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Acid-base map and compensatory mechanisms
Buffering and Henderson-Hasselbalch equation
Physiologic pH and buffers
The role of the kidney in acid-base balance
Plasma anion gap
Renal system anatomy and physiology
Body fluid compartments
Movement of water between body compartments
Measuring renal plasma flow and renal blood flow
Regulation of renal blood flow
TF/Px ratio and TF/Pinulin
Phosphate, calcium and magnesium homeostasis
Free water clearance
Kidney countercurrent multiplication
Distal convoluted tubule
Loop of Henle
Proximal convoluted tubule
Tubular reabsorption and secretion
Tubular reabsorption and secretion of weak acids and bases
Tubular reabsorption of glucose
Tubular secretion of PAH
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Every single moment, there are trillions of biochemical reactions occurring throughout the human body that are mediated by enzymes. Enzymes are types of proteins, and they’re generally sensitive to even slight changes in the environment - in particular things like the hydrogen ion concentration.
For this reason, the blood pH which corresponds to the hydrogen ion concentration needs to stay in a very narrow range---between 7.37 and 7.42.
If the blood pH rises or falls by more than a few tenths of a unit, it can lead to death.
Now, acids and bases are generated by cells all the time. So, the body has a few mechanisms to deal with these molecules and keep blood pH within normal range.
The first scientist who studied one of these mechanisms was Robert Pitts.
Pitts injected 150 mEq of hydrochloric acid HCl into his dog.
He calculated this his dog’s body contained a total 11.4 liters of water, so separately, Pitts put 150mEq of hydrochloric acid HCl in a volume of 11.4 liters of water.
The dog’s blood pH dropped from 7.44 to 7.14, which is very low, but not fatal.
In the water, the pH dropped from 7 to 1.84, and that would have killed the dog instantly.
Based on this, Pitts concluded that his dog had a buffer contained in its body fluids, and the dog concluded that he could no longer trust Pitts to take care of him.
Physiologic buffers shield the pH from rising or falling too quickly.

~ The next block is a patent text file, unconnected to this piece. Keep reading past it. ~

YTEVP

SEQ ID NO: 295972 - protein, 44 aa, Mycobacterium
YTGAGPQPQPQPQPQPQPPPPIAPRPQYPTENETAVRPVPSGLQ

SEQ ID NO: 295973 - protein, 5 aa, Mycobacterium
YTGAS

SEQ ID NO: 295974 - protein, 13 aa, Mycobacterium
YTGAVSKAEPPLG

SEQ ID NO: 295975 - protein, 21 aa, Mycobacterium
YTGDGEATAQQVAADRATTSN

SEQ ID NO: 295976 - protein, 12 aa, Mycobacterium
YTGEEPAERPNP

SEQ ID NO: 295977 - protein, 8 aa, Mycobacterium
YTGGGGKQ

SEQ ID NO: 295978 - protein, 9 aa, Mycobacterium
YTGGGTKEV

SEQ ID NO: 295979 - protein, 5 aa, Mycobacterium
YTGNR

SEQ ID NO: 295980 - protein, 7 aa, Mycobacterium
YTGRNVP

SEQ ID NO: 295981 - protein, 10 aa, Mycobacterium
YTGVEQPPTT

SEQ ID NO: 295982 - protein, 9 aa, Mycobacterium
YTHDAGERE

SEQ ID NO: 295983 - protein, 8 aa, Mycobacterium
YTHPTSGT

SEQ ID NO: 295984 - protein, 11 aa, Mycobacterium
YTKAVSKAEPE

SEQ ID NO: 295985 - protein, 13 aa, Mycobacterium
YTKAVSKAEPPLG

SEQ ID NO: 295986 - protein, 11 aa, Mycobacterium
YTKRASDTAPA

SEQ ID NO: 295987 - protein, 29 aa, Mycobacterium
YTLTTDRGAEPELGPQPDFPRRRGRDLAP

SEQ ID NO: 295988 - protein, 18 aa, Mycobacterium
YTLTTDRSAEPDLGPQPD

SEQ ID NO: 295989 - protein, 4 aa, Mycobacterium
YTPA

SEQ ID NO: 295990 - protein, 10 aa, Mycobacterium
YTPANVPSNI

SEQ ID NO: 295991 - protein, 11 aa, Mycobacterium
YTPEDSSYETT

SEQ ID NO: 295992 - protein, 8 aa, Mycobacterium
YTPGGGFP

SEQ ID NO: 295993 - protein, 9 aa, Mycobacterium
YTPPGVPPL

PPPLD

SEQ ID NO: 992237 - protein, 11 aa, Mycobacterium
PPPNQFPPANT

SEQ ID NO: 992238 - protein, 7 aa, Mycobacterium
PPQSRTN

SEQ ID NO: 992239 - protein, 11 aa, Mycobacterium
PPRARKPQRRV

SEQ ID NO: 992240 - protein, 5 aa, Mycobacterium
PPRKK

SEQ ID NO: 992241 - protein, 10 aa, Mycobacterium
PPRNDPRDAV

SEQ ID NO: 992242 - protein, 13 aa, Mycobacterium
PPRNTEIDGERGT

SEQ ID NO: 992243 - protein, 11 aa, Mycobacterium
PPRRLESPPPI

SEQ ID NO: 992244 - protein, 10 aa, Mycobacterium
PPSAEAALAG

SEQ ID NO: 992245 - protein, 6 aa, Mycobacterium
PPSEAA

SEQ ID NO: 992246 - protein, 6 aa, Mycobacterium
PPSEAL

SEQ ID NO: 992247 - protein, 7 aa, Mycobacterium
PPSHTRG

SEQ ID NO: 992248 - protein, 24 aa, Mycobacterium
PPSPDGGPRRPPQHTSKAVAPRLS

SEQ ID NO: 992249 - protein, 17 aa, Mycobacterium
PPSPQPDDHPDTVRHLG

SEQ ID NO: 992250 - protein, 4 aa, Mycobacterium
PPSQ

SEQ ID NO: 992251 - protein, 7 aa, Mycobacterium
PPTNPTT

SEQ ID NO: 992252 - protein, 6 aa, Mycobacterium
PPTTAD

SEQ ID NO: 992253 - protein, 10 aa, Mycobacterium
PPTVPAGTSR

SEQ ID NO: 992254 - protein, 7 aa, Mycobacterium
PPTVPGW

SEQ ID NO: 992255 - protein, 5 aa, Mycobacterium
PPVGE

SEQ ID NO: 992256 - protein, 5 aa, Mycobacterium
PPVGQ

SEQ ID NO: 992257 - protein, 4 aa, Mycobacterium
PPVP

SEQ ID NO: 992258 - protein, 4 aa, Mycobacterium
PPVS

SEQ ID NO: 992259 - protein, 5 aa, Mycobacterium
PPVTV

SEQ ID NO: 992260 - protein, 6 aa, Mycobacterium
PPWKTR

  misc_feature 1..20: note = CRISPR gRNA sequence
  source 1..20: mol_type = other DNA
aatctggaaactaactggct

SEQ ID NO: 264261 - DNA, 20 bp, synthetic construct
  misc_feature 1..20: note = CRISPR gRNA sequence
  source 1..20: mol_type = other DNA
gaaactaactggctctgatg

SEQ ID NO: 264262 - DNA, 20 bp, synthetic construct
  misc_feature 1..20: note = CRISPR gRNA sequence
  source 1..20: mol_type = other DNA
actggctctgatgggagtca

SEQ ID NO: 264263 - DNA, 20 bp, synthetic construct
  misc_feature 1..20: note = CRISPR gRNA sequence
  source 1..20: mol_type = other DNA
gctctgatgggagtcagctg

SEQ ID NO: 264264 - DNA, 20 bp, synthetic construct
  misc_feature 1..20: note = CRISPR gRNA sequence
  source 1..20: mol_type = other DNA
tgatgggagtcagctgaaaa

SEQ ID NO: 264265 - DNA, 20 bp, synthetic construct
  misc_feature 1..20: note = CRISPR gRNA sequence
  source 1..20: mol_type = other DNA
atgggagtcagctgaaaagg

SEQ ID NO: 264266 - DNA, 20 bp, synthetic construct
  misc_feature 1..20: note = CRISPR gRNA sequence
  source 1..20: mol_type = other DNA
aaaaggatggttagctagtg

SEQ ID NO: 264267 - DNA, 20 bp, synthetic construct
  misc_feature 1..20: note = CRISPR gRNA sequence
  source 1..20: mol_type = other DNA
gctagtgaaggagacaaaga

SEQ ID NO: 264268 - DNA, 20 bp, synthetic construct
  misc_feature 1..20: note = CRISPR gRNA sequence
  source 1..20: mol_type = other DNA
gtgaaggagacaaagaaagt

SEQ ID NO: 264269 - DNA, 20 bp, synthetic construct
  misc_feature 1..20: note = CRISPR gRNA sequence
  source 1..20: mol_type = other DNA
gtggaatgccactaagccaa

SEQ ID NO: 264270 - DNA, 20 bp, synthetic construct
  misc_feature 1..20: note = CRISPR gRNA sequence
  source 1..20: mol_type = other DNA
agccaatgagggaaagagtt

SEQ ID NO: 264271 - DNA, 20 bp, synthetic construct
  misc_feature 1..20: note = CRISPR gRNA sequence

The reason the body needs buffers is that acids - molecules that readily give up their hydrogen ion - are being generated by the body all the time.
So the body needs a way to handle the extra hydrogen ions that are released without having a major shift in the overall pH.
To accomplish this, buffers are usually a weak acid with its conjugate base form, or a weak base with its conjugate acid form.
The weak acid could be symbolized as HA, where A represents molecules like fluorine or acetate. And the fact that it’s weak means that it has a “weak” effect on pH, because it doesn’t fully dissociate in water.
For example, if we were to add 100 HA molecules in 1 ml of water, only a tiny fraction, let’s say 5 of the 100 HA molecules would dissociate or break down into hydrogen H+ and their conjugate base A-: 10 HA ⇄ 9 HA + 1 H+ + 1 A-.
They like to maintain this balance. So if we remove some hydrogen ions, HA will dissociate and release a hydrogen ion and A-, maintaining that equilibrium. And if we add hydrogen ions, the A- will bind to a hydrogen ion to form HA.
The Henderson-Hasselbalch equation is a mathematical expression that is used to predict how much of a given acid or base is required to produce a desired pH in a given solution. The equation is named after British chemists Louis Hodgkin and Frederick Gowland Hopkins, who developed it in 1898, and German chemist Wilhelm Hasselbalch, who published it in 1909.
The Henderson-Hasselbalch equation can be expressed as follows:
pH = pKa + log [base]/[acid]
The pH is the desired pH of the solution, pKa is the dissociation constant of the acid, [base] is the concentration of the base, and [acid] is the concentration of the acid.
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